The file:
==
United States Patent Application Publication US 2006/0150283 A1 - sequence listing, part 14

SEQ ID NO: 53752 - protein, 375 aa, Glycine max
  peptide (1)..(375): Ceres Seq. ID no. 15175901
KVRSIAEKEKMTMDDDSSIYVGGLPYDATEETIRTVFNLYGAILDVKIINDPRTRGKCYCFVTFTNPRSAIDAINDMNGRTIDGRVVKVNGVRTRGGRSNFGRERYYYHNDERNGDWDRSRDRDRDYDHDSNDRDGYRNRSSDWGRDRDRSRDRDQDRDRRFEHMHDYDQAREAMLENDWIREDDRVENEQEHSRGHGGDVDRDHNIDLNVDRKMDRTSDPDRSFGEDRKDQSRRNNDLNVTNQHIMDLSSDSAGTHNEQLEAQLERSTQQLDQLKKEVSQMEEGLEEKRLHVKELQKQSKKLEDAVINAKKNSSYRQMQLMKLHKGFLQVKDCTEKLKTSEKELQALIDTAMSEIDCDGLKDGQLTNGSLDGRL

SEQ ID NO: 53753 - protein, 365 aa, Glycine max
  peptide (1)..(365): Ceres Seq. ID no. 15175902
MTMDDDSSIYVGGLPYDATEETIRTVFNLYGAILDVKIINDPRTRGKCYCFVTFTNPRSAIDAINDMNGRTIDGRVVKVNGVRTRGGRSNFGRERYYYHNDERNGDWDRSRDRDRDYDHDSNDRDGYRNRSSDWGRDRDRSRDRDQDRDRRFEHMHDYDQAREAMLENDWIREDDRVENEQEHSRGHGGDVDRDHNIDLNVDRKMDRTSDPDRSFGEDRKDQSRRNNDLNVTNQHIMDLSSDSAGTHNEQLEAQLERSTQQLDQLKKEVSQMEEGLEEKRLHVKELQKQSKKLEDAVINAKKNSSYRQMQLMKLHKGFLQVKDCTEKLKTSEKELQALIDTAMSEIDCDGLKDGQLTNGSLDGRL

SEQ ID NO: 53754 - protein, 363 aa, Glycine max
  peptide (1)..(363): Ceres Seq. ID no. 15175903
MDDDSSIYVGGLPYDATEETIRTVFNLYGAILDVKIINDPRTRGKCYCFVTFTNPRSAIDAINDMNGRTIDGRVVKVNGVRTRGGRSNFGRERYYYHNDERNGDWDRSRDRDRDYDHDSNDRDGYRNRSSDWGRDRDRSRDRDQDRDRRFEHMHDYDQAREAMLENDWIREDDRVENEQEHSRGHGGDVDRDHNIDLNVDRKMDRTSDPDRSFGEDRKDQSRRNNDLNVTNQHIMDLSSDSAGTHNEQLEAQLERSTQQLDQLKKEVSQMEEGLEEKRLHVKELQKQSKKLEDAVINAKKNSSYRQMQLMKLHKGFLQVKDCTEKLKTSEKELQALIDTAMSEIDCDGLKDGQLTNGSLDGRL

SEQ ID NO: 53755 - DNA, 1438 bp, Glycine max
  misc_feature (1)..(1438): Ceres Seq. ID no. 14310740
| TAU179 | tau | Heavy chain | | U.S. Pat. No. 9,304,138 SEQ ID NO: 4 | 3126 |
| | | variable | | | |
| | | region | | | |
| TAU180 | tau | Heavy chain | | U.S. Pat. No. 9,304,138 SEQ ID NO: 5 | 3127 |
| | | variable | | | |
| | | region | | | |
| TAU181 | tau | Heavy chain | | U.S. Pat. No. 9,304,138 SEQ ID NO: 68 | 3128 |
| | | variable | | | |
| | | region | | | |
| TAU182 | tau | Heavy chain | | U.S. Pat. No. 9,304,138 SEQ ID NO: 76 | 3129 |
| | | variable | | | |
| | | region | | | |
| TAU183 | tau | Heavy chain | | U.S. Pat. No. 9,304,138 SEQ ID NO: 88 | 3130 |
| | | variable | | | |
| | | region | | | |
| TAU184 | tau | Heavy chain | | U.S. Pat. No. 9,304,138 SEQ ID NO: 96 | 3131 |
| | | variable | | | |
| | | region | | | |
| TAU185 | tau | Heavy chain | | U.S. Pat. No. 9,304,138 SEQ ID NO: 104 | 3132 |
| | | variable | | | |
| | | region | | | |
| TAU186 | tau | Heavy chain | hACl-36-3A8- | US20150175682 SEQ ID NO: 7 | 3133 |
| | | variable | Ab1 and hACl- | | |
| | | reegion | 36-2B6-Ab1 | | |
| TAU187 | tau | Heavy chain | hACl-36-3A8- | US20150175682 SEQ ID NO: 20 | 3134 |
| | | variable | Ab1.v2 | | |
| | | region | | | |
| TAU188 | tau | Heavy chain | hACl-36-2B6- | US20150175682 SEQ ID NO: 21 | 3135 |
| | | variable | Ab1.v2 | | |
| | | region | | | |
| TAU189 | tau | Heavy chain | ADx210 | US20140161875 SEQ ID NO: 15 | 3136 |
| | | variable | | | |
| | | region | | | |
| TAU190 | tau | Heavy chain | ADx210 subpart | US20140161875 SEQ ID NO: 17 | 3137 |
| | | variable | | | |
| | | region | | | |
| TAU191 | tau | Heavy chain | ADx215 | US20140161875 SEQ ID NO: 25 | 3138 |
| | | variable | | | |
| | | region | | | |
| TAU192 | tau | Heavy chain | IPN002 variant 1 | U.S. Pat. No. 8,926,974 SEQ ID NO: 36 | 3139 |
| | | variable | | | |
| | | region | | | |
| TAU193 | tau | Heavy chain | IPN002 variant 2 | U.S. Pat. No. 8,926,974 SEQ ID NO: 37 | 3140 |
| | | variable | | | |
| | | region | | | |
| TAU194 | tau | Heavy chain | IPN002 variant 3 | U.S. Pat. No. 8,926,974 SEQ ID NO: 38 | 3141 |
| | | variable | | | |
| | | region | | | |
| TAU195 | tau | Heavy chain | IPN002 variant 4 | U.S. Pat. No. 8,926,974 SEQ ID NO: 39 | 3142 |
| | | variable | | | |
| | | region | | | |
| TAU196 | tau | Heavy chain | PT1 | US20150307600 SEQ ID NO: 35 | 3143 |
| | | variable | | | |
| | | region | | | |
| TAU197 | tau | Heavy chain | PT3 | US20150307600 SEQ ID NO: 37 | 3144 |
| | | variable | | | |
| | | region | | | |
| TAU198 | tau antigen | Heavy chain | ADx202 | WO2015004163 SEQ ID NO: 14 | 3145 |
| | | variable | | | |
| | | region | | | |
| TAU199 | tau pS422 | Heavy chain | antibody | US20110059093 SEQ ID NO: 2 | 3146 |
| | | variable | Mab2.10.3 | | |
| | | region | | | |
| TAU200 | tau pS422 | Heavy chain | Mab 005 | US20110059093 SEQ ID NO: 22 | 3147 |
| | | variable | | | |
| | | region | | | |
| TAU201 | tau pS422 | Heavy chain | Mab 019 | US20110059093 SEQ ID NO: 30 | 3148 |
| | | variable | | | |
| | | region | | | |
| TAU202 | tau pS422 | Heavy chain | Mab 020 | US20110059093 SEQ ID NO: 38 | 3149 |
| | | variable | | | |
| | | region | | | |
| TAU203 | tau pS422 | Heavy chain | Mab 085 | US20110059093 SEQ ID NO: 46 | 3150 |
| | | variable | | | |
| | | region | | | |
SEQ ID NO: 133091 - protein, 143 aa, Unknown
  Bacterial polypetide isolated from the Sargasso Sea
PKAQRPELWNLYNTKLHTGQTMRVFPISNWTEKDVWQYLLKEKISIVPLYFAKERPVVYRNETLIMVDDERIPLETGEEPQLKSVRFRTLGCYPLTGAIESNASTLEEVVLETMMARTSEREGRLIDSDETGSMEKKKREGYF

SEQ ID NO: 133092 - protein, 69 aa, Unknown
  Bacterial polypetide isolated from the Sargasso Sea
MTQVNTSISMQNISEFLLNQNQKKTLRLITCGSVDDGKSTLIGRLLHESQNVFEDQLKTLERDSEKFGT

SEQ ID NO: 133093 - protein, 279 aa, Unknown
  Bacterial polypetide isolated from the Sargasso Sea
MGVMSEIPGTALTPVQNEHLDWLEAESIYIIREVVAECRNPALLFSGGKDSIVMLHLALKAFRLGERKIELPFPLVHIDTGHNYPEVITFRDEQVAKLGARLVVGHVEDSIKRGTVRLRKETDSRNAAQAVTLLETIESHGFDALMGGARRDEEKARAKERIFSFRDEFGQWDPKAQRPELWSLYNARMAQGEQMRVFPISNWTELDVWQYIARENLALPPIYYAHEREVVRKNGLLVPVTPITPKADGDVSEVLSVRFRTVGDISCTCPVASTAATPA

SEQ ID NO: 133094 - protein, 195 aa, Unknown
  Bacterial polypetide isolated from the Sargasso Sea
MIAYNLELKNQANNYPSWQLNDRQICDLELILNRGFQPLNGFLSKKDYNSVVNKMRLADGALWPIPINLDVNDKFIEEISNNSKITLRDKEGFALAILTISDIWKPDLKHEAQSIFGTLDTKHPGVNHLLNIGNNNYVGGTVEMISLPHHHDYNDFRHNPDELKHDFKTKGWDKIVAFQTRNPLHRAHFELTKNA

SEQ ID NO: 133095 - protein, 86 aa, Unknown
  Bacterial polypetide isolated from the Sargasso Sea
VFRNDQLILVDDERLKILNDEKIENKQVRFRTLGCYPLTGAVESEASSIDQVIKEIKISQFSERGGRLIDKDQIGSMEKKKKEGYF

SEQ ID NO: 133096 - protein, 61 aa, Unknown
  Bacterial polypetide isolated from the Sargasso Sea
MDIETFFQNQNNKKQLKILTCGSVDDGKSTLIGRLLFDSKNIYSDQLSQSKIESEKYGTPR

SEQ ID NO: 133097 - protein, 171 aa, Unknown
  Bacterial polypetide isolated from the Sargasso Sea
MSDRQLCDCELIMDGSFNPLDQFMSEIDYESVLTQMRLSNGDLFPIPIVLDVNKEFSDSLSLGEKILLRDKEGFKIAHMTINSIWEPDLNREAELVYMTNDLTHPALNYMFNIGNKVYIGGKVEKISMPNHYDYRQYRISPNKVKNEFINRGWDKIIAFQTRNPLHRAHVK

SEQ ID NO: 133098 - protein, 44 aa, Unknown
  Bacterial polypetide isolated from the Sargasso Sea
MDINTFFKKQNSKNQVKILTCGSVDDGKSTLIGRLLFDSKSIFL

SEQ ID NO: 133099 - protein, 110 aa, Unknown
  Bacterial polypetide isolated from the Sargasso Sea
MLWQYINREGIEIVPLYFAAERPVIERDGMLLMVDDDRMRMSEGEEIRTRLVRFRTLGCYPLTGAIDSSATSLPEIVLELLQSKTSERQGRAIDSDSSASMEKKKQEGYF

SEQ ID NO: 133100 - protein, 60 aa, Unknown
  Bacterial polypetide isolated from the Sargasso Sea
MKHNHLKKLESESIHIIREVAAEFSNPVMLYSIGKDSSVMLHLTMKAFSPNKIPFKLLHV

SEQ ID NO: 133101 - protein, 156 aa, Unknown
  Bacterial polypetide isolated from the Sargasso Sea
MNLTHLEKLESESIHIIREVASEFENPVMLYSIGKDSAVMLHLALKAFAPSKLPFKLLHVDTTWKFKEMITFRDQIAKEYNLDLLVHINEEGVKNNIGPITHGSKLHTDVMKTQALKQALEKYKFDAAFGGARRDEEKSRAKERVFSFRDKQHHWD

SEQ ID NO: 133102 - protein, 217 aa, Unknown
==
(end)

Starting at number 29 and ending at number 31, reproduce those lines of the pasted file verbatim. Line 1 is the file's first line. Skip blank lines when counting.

| | | variable | | | |
| | | region | | | |
| TAU185 | tau | Heavy chain | | U.S. Pat. No. 9,304,138 SEQ ID NO: 104 | 3132 |